The Minister of Mineral Resources and Energy has, under section 19(1)(b) of the National Energy Act, published regulations for the mandatory display and submission of Energy Performance Certificates (EPC) for buildings in Notice 700 of Government Gazette 43792 of 8 December 2020.
EPCs are now mandatory for private sector, non-residential buildings with a total net floor area of over 2000sqm, and government buildings of over 1000sqm. The due date to comply with the mandatory government regulation is the 7th December 2022 which effectively leaves landlords and property owners with less than ten (10) months to obtain and prominently display an EPC in the foyer of their building. Landlords who fail to comply risk a possible fine of R5 million – R10 million, five years imprisonment or both, as defined in the mandatory regulations gazetted on 8 December 2020.
The EPC must be displayed at the building’s main entrance; and must be submitted to the South African National Energy Development Institute (SANEDI). EPCs are used in many other countries. South Africa is the first African country to make EPCs mandatory.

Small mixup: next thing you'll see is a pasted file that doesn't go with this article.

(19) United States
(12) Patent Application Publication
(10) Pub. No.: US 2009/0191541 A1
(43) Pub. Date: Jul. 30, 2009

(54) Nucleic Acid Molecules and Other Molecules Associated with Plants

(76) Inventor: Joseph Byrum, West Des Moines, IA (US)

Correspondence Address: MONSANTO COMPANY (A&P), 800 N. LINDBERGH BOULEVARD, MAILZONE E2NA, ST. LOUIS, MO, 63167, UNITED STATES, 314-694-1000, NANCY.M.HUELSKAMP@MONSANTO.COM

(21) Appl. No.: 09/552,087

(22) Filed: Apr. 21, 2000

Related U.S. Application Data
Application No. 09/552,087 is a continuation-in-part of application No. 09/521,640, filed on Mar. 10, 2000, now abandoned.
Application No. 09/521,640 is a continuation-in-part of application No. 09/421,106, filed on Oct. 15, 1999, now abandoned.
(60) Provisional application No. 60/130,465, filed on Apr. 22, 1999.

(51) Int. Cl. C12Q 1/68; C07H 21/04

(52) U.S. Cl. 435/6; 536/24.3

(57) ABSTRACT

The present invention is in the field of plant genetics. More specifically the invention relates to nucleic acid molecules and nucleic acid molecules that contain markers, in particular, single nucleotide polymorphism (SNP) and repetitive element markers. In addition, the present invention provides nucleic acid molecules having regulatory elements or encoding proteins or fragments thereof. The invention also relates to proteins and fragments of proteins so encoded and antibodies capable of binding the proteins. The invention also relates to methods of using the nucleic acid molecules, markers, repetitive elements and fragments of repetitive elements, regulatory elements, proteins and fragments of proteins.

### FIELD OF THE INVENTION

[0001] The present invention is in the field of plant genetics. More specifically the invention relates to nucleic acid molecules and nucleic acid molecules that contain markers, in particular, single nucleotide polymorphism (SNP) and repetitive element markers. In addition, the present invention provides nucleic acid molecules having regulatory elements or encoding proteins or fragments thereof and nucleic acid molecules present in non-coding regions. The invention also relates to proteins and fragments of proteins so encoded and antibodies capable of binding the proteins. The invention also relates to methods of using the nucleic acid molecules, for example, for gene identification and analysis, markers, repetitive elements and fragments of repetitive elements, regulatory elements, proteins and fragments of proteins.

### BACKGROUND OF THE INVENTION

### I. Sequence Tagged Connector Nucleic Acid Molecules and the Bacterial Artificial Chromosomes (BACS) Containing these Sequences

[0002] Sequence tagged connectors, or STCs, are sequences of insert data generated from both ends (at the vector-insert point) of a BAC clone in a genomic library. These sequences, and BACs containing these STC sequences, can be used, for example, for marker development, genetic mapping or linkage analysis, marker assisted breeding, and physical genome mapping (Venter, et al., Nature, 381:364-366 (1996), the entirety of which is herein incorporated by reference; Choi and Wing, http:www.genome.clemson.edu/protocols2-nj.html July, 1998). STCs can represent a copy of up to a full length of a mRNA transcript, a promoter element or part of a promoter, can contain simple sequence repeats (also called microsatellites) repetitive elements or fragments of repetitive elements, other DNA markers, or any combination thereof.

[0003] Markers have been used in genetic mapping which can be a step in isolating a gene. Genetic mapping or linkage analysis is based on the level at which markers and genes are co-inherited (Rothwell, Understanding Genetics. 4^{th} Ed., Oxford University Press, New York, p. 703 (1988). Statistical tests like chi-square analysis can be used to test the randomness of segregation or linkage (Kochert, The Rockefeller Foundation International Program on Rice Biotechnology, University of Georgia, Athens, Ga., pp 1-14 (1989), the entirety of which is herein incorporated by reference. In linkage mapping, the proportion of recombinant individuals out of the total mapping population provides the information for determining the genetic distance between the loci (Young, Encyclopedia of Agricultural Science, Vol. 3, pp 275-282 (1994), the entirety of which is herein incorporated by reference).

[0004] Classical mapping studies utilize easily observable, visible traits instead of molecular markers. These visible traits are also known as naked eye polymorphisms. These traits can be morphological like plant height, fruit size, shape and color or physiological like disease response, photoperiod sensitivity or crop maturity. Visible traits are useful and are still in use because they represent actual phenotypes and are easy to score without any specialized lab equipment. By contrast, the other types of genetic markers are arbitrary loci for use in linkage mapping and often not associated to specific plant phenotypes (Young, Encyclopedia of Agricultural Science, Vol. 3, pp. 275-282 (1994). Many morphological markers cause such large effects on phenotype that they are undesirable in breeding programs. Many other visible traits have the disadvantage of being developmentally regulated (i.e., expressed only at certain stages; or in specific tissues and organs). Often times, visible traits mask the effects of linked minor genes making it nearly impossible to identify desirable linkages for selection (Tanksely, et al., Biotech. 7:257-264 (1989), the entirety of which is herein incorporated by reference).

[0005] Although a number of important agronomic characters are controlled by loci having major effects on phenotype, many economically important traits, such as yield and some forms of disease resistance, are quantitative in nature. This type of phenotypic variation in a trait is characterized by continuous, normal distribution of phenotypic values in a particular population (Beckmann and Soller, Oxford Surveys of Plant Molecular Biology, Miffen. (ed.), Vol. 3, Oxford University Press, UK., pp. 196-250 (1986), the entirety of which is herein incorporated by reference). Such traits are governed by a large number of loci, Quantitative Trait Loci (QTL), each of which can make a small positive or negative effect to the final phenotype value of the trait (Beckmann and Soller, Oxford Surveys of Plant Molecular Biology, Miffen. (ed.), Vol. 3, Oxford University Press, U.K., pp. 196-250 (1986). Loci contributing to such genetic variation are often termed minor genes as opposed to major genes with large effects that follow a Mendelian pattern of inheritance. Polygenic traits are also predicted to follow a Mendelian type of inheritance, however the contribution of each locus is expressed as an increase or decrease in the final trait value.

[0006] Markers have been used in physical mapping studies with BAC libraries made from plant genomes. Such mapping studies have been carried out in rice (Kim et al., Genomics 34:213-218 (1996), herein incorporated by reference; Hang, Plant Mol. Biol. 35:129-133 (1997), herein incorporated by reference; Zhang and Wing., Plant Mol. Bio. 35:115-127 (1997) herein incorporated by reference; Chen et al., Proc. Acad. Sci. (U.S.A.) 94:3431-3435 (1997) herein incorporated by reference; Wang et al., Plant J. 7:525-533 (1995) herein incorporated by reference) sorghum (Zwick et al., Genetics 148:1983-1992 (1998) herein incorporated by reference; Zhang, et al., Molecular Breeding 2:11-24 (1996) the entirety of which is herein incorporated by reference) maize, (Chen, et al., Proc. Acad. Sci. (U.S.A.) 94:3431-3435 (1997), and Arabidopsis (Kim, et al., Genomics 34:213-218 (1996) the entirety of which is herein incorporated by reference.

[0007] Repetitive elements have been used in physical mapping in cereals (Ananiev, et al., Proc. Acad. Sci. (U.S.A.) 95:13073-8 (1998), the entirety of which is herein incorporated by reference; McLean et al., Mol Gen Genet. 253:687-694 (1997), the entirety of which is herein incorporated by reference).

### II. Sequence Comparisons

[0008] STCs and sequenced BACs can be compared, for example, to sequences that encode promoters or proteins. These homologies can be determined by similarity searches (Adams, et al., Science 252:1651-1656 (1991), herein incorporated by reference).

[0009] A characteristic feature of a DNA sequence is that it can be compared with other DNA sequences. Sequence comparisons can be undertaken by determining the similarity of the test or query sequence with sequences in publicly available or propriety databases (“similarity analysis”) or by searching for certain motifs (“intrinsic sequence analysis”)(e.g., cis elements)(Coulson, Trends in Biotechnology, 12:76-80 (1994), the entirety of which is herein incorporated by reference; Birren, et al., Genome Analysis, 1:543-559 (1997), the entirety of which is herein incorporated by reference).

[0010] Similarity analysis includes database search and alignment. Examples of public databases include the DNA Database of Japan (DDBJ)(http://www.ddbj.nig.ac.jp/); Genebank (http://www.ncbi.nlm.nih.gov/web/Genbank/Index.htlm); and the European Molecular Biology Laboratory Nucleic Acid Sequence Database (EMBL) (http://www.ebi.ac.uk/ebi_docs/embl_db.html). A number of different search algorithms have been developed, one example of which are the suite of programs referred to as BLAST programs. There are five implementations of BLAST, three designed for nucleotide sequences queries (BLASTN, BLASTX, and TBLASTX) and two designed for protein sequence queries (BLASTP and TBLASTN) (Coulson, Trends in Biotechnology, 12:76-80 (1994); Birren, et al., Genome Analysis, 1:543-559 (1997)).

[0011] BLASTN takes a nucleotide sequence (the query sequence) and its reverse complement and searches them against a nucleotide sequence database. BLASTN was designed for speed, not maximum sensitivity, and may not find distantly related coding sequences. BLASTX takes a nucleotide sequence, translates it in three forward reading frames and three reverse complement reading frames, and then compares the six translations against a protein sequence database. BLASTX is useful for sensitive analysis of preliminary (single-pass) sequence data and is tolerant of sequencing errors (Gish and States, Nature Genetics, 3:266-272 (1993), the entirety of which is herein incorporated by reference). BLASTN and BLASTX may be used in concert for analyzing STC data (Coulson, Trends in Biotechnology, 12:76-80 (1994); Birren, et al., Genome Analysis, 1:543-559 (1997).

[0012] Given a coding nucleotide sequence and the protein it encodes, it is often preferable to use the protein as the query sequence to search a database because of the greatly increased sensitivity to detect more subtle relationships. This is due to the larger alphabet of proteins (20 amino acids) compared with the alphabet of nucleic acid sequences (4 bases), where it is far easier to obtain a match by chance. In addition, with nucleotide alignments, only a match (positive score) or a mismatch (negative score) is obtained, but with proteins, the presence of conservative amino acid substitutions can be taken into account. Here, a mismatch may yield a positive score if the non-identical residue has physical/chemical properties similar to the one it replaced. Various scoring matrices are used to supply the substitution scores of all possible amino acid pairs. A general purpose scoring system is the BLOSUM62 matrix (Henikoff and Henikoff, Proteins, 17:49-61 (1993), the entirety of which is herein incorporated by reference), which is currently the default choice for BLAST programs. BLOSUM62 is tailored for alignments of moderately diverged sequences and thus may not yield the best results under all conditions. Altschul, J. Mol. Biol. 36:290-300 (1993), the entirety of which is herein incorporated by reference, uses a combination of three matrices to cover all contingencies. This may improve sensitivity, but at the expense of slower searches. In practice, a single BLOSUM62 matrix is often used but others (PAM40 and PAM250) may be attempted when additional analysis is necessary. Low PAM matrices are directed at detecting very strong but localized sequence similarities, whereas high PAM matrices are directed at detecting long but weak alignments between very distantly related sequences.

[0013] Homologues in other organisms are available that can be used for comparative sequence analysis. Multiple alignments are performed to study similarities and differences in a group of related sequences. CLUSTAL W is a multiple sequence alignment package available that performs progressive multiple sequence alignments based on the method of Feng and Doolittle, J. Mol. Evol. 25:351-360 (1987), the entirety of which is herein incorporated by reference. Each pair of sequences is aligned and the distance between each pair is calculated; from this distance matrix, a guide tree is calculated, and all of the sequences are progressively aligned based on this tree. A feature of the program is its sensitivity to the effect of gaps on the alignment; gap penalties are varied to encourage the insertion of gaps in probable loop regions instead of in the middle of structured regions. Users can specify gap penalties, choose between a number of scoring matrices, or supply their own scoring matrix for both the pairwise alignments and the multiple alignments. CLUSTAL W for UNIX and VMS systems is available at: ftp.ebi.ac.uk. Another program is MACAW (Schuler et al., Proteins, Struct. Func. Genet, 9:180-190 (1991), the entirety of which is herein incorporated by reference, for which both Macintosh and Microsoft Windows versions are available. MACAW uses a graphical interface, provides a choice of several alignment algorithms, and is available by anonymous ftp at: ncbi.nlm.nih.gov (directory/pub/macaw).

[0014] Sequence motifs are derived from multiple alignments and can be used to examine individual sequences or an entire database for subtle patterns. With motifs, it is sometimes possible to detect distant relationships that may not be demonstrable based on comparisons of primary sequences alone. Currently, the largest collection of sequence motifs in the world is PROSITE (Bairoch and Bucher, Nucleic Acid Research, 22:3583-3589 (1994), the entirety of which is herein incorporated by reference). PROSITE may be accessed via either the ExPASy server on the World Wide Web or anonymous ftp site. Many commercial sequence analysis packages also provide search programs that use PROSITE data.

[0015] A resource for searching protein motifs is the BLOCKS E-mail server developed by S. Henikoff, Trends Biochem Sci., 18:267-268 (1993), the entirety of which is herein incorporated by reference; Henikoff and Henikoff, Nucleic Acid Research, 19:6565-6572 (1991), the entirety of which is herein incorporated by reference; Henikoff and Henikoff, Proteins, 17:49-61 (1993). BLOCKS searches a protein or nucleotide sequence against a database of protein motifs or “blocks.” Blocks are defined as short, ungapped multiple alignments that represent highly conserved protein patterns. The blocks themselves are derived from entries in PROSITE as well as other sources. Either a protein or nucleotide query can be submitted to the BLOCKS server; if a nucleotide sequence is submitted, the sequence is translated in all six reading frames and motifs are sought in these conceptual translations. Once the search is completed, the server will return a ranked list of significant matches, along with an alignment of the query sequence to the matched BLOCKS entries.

The primary objective in obliging building owners to obtain EPCs is to make them aware of their energy consumption and encourage them to be more energy efficient if their EPC rating is poor i.e., Levels E to G.
Our Work in Energy Performance Certificate implementation in South Africa
To date GreenBDG has already implemented EPC training for the Limpopo Economic Development Environment and Tourism (LEDET), Energy and Water SETA, EOH (Proserv), Eastern Cape Roads & Public Works. We are well positioned to advise your property portfolio on the implementation process and an integrated energy strategy for your portfolio.
Speak to our team on firstname.lastname@example.org